Economic Commentaries

Entries for May 2013


Since the beginning of this year global equity markets have risen steadily while sovereign fixed income markets have held roughly steady. This is despite the fact that if anything global economic growth is shaping up as weaker than generally expected while inflation is collapsing worldwide.

The reality of subdued growth and negligible inflation has led global Central Banks to aggressively ease credit, flooding the world with liquidity. We think the out performance of equities reflects this liquidity infusion and a seeming blind faith on the part of investors that central banks will indeed succeed in reviving the global economy. This faith is reflected in consensus economic forecasts which are for a meaningful reacceleration of economic growth in the year's second half.

Whether or not this faith is justified or the piper will be paid with a sharp equity correction and interest rate drop remains to be seen. But no matter the outcome at least one thing seems pretty certain to us and that is that inflation is cooked and commodity markets will continue losing appeal.

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Posted in: General

Belatedly ECB head Mario Draghi reduced the benchmark interest rate in May and allowed for even more action if needed, including taking the deposit rate below zero and perhaps buying low quality loans directly from European banks. Meanwhile, at its FOMC meeting Federal Reserve officials suggested a flexible approach to its asset purchase program, allowing that it could even increase the size of its purchases if deemed necessary.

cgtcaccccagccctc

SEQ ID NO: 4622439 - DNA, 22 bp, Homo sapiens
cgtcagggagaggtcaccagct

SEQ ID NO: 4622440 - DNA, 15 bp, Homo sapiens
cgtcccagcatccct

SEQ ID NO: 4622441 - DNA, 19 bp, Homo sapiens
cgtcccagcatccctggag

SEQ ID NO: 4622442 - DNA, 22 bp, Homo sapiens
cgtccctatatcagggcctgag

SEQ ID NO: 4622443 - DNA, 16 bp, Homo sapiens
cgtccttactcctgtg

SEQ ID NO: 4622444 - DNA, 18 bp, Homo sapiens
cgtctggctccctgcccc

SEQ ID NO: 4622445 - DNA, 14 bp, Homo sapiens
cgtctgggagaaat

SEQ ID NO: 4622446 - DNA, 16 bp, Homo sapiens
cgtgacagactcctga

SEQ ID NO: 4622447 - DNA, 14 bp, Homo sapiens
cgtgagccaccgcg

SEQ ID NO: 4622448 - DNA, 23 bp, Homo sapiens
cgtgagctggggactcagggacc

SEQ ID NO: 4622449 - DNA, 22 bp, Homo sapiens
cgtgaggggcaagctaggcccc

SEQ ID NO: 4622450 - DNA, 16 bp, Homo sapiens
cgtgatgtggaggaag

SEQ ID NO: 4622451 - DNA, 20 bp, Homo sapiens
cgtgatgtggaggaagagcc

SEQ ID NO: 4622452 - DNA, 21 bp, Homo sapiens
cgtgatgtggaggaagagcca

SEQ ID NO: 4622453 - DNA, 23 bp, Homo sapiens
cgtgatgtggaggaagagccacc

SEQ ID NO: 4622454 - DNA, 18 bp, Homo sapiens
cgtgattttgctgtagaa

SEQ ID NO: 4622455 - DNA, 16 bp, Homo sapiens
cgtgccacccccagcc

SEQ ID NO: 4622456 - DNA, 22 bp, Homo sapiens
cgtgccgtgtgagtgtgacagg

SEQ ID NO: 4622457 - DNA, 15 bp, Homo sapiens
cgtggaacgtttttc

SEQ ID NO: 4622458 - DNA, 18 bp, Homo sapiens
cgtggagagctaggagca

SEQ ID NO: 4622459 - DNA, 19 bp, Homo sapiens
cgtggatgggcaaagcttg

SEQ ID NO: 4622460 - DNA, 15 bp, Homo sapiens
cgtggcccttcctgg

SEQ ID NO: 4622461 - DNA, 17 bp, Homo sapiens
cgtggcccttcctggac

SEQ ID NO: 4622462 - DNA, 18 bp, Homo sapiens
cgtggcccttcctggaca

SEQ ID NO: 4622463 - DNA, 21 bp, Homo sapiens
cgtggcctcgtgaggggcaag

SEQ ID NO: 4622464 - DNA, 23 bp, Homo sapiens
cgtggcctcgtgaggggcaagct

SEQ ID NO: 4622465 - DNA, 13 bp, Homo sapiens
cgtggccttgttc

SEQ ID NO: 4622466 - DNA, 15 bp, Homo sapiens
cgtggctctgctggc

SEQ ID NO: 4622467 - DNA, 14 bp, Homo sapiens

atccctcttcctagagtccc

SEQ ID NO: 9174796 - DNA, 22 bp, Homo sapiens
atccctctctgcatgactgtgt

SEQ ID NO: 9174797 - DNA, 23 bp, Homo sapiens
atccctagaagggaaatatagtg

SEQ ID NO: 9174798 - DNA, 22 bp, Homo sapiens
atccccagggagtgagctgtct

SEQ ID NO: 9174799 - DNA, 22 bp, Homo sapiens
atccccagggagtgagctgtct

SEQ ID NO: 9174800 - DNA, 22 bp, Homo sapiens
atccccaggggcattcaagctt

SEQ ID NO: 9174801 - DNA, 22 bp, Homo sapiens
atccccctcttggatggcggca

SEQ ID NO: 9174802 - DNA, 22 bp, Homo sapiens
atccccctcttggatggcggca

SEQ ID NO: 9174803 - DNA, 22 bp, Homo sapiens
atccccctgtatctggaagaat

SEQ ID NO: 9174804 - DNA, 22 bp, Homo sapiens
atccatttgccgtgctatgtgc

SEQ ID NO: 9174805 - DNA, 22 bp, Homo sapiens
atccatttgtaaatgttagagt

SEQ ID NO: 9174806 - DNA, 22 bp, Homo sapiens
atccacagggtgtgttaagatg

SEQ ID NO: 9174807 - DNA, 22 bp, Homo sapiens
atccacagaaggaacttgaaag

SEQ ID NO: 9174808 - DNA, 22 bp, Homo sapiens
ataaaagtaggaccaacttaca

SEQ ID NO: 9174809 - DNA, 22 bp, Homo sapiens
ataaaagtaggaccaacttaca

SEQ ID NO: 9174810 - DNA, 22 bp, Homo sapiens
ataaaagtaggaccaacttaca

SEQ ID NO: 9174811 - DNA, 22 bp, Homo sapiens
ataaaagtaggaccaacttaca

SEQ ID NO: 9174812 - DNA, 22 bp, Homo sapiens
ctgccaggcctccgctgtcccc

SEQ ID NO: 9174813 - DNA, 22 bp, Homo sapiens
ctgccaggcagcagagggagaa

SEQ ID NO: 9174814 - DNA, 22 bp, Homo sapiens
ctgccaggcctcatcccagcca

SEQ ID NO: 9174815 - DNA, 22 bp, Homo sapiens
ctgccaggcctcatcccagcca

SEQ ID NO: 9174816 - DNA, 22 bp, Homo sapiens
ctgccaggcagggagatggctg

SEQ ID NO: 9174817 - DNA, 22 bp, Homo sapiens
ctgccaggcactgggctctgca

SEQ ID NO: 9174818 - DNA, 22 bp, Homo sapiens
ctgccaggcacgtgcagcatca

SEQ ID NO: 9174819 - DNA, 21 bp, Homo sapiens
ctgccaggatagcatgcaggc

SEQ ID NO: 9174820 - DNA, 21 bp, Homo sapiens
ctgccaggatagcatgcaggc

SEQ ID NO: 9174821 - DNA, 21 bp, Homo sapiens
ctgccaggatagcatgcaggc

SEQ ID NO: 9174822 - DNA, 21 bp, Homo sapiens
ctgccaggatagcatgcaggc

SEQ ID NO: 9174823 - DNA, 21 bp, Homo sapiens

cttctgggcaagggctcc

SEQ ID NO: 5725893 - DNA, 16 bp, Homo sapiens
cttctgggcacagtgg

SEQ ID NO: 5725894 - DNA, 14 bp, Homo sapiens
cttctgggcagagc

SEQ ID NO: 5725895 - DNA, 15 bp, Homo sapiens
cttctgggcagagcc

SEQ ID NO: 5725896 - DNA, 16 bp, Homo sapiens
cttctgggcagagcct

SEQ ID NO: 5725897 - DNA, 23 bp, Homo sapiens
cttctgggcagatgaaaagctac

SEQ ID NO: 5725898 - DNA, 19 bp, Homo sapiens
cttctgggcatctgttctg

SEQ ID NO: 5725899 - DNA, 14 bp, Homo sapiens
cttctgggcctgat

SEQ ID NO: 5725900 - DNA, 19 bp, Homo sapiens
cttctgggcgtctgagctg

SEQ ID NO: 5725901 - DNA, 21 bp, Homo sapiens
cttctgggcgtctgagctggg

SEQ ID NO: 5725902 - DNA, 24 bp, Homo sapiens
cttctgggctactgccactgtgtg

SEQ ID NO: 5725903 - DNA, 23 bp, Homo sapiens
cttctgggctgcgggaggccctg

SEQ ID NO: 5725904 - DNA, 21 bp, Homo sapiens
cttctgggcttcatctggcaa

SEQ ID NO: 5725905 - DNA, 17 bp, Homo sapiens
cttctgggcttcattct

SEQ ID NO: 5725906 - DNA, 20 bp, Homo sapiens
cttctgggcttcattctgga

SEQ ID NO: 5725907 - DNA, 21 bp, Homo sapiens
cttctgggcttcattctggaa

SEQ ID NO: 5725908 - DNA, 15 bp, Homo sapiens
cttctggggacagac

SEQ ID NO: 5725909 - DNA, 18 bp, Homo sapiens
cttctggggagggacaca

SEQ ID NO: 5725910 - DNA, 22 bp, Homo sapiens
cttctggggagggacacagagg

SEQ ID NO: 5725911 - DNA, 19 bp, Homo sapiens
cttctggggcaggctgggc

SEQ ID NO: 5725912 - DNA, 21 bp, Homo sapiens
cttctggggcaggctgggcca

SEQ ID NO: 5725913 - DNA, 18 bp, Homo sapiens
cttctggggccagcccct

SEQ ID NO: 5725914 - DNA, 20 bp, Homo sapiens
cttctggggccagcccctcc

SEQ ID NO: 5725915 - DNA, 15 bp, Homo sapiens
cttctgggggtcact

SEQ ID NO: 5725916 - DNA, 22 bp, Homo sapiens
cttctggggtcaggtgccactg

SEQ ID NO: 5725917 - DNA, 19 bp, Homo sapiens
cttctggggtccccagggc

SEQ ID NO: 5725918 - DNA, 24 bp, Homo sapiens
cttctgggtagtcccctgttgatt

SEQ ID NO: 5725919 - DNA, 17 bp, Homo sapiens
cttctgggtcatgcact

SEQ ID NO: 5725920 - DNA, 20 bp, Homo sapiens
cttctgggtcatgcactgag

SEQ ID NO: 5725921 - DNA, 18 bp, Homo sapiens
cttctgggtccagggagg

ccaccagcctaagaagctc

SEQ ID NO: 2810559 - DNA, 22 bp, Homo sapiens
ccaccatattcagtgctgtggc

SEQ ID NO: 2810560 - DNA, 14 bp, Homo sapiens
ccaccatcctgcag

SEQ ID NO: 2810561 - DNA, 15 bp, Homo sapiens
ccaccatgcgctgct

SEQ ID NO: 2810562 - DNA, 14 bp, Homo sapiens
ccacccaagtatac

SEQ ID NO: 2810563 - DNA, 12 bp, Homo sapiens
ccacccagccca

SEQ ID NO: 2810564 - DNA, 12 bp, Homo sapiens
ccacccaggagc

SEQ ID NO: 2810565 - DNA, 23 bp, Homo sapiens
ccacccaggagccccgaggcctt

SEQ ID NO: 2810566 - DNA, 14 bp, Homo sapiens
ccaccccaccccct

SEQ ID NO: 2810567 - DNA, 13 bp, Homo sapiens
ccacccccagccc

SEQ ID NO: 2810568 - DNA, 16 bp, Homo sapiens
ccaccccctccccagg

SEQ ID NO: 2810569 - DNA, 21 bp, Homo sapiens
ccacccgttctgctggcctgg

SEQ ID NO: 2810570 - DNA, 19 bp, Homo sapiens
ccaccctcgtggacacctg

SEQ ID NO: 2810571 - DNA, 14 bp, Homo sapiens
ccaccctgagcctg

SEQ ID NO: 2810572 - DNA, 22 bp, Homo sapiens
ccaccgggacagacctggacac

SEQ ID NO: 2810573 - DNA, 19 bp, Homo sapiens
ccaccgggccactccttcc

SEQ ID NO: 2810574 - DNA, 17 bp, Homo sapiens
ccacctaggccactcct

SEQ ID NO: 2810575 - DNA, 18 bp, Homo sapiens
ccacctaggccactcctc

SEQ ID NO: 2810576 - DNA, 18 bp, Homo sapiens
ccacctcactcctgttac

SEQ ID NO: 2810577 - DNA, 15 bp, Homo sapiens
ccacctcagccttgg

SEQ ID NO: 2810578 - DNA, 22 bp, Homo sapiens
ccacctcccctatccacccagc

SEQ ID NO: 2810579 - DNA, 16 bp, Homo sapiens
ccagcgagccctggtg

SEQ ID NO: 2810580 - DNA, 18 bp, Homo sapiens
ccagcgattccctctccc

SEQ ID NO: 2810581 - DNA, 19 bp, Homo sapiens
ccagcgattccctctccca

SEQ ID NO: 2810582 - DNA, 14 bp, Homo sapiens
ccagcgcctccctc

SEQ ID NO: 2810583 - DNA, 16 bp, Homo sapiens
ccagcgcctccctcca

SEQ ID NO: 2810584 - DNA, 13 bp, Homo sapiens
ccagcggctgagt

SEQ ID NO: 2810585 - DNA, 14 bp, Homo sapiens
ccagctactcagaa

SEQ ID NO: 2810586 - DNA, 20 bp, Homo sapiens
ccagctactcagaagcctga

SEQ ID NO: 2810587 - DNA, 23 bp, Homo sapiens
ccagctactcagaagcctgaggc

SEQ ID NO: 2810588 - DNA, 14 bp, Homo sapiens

Other Central Banks have since followed the lead of the U.S. and Europe with their stimuli of lowering interest rates. And of course the Bank of Japan is sticking with its own aggressive easing program. Equity markets worldwide have been cheering this latest liquidity injection while bond markets hang tough in the face of decreased sovereign debt supply and diminishing inflation expectations.

Why have Central Banks become bolder, especially in the face of an improved labor market in the U.S., evidence of more lenient lending standards among U.S. banks, and even a smattering of some relatively upbeat economic data reports in Asia and Europe? One reason is that labor markets worldwide remain fundamentally weak. While the jobless rate has fallen to 7.5% in the U.S. a portion of this can be attributed to increased part time work and decreased labor force participation. Euro zone unemployment is at a new record high above 13% and in the periphery it is twice this level.

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Posted in: General